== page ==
Women make up just over a quarter of all leadership roles at major US banks, according to research by Morningstar.
The ratings agency surveyed 28 US banks and reported that women took just 26% of executive management roles last year, and 32% of board director positions.
This marked an improvement from Morningstar’s first diversity survey of the sector in 2014, when women made up just 18% of executive roles, but masked significant shortfalls in some areas, the rating agency said.
However, just one of the 28 banks surveyed had a female CEO: Citigroup’s Jane Fraser, who was appointed in March last year. In addition, only four banks — American Express, Bank of Hawaii, Comerica, and Fulton Financial Group — had women in 40% or more of executive roles.
Within executive teams, women were far more likely to hold chief human resources officer (CHRO) or chief legal officer roles than CEO, chief risk officer or chief finance officer, the research found. In Morningstar’s sample, 70% of CHROs were women, while just 13% of CFOs were women.
Banks should seek to improve their gender balance in leadership teams, Morningstar said, as there was a correlation between gender diverse teams and stronger credit ratings.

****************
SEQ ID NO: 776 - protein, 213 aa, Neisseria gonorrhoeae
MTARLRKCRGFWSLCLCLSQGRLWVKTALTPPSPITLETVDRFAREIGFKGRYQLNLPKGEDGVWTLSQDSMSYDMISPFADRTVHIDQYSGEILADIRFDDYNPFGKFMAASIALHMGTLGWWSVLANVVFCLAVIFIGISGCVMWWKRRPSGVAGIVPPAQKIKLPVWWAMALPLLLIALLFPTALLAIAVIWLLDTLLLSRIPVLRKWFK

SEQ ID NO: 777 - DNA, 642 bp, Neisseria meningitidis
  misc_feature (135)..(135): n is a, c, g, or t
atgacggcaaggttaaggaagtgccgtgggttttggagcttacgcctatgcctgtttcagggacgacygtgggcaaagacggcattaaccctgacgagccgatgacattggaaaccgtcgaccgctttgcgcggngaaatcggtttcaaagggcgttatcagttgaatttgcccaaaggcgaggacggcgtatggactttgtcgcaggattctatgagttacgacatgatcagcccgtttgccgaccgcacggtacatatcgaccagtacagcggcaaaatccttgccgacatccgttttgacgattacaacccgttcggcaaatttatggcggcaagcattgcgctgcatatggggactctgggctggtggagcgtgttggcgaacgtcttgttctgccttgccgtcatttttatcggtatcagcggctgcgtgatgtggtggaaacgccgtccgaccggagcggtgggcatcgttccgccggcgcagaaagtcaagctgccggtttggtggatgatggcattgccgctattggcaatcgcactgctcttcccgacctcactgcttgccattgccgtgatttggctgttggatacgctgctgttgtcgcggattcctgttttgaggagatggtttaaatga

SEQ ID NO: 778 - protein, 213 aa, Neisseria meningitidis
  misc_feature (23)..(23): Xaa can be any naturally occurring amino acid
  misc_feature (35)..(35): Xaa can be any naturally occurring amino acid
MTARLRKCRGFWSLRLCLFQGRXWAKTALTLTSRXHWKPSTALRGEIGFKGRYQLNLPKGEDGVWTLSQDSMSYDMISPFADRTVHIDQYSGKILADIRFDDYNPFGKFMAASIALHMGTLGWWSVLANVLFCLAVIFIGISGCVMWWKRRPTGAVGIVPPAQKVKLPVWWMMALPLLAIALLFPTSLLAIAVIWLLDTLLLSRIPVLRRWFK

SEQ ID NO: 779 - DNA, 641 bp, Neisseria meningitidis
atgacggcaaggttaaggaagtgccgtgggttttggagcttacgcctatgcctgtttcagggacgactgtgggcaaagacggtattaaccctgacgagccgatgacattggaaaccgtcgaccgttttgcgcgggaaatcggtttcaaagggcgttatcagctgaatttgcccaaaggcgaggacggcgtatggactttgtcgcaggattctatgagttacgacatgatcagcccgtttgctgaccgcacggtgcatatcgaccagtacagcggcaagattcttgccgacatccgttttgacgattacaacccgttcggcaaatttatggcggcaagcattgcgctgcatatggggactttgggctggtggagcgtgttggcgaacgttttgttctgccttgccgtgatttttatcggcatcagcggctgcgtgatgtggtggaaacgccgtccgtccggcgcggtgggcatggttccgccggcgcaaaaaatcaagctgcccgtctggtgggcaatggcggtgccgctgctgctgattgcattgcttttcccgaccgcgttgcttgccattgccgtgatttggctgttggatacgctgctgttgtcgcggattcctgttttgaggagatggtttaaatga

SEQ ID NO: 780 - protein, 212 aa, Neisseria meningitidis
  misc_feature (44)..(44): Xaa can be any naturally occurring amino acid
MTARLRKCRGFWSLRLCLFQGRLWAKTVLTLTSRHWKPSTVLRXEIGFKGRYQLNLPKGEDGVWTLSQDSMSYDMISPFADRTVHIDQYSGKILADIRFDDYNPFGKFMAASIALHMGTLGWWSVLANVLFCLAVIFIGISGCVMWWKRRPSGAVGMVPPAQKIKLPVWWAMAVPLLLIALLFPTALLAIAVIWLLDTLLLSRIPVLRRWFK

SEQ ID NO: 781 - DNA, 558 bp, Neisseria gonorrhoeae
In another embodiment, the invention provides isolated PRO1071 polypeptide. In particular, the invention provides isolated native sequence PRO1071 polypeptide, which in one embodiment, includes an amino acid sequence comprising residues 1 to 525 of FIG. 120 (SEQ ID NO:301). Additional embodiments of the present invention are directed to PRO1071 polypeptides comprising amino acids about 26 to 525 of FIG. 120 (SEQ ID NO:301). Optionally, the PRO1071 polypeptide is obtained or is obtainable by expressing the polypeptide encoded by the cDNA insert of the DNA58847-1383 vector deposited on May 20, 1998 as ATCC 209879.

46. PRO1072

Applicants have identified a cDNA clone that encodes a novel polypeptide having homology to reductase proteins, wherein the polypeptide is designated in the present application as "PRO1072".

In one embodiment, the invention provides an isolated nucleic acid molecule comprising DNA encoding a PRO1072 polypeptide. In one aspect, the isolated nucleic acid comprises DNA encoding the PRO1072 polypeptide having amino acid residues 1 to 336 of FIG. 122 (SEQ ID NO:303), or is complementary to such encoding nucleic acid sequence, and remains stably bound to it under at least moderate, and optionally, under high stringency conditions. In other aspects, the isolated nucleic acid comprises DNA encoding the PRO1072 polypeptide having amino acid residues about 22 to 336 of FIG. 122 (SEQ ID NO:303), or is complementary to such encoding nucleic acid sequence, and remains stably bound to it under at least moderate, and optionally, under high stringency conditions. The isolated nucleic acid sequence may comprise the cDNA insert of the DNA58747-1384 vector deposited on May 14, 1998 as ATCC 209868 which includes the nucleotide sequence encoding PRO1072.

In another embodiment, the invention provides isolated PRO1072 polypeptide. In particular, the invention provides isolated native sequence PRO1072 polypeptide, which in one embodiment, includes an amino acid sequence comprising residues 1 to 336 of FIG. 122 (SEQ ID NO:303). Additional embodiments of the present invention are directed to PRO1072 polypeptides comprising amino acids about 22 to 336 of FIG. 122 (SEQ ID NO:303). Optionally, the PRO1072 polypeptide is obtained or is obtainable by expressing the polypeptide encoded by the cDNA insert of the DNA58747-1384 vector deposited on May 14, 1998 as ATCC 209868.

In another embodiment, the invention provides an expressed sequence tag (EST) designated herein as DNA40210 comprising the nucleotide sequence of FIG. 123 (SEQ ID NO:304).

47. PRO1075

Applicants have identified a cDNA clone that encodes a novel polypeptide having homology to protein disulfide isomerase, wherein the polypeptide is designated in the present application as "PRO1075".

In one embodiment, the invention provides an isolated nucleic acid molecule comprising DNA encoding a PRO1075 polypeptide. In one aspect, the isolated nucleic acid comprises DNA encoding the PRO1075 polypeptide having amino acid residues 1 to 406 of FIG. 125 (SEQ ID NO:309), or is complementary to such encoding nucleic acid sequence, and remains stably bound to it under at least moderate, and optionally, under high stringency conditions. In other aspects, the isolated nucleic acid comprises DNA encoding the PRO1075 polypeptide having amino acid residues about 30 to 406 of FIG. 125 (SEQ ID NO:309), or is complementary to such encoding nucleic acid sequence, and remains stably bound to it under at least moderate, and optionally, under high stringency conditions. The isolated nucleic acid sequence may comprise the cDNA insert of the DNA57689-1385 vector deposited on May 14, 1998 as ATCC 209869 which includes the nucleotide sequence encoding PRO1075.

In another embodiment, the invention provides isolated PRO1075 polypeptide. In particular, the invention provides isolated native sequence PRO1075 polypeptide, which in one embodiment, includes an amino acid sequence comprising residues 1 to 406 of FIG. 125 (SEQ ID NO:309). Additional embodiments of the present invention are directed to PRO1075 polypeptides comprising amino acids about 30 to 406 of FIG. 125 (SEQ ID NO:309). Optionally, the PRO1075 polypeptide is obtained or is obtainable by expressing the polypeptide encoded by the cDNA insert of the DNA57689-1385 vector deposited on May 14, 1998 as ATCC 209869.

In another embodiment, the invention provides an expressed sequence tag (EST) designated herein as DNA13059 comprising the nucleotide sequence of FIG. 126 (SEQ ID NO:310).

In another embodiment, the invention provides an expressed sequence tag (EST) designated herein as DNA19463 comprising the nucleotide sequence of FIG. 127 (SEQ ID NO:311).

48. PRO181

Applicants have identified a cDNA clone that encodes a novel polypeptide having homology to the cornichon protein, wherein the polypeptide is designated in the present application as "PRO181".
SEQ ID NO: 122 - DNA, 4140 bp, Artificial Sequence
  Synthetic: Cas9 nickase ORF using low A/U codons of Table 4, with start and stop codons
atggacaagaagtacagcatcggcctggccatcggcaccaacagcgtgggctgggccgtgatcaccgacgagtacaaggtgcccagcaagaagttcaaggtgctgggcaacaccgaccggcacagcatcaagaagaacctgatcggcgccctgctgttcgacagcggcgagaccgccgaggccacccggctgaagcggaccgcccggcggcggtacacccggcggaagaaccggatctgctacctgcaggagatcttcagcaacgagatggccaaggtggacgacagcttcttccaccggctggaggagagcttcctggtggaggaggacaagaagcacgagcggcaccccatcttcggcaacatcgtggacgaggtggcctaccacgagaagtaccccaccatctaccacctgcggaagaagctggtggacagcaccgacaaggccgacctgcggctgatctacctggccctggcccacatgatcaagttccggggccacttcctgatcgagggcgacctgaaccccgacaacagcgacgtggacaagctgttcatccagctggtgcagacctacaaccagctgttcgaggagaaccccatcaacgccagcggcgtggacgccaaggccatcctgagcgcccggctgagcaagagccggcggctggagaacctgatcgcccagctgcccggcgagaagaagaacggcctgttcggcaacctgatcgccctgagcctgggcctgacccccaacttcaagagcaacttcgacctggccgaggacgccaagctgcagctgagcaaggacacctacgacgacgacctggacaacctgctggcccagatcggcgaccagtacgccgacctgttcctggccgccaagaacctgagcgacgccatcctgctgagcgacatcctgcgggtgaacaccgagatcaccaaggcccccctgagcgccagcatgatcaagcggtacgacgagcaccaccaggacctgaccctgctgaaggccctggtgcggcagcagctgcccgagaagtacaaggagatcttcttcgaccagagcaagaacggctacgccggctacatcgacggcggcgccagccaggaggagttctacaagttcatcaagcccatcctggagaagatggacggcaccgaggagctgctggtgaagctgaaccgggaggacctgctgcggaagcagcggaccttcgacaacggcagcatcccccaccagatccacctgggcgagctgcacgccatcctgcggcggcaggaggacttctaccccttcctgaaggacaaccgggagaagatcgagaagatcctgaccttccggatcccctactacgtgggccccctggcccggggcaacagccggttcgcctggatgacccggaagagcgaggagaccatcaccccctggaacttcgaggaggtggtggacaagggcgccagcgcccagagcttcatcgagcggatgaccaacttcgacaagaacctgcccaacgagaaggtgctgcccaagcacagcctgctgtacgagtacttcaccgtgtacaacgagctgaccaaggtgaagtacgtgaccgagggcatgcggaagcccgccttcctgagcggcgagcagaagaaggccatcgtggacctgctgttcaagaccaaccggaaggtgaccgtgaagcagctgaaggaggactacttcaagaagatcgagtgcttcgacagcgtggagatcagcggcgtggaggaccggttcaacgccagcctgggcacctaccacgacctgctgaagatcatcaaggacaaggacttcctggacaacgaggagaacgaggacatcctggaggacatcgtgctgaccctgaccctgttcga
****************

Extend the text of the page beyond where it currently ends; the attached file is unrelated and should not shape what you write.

“Achieving gender parity is not just the right thing to do but can also translate into profitable business,” Morningstar’s report stated. The company cited research indicating that diversity had also been linked to better corporate stability and profitability.
“The past two years have caused unprecedented challenges and changes in the workforce,” said Khadija Gohar, an analyst in Morningstar’s Global FIG team. “New problems require new and innovative solutions, which makes it even more important for the US banks to tap into the benefits of having gender diverse leadership.”
Morningstar highlighted diversity improvements at JPMorgan Chase, Wells Fargo, Ally Financial, and Regions Financial, all of which had female leaders for their consumer banking arms.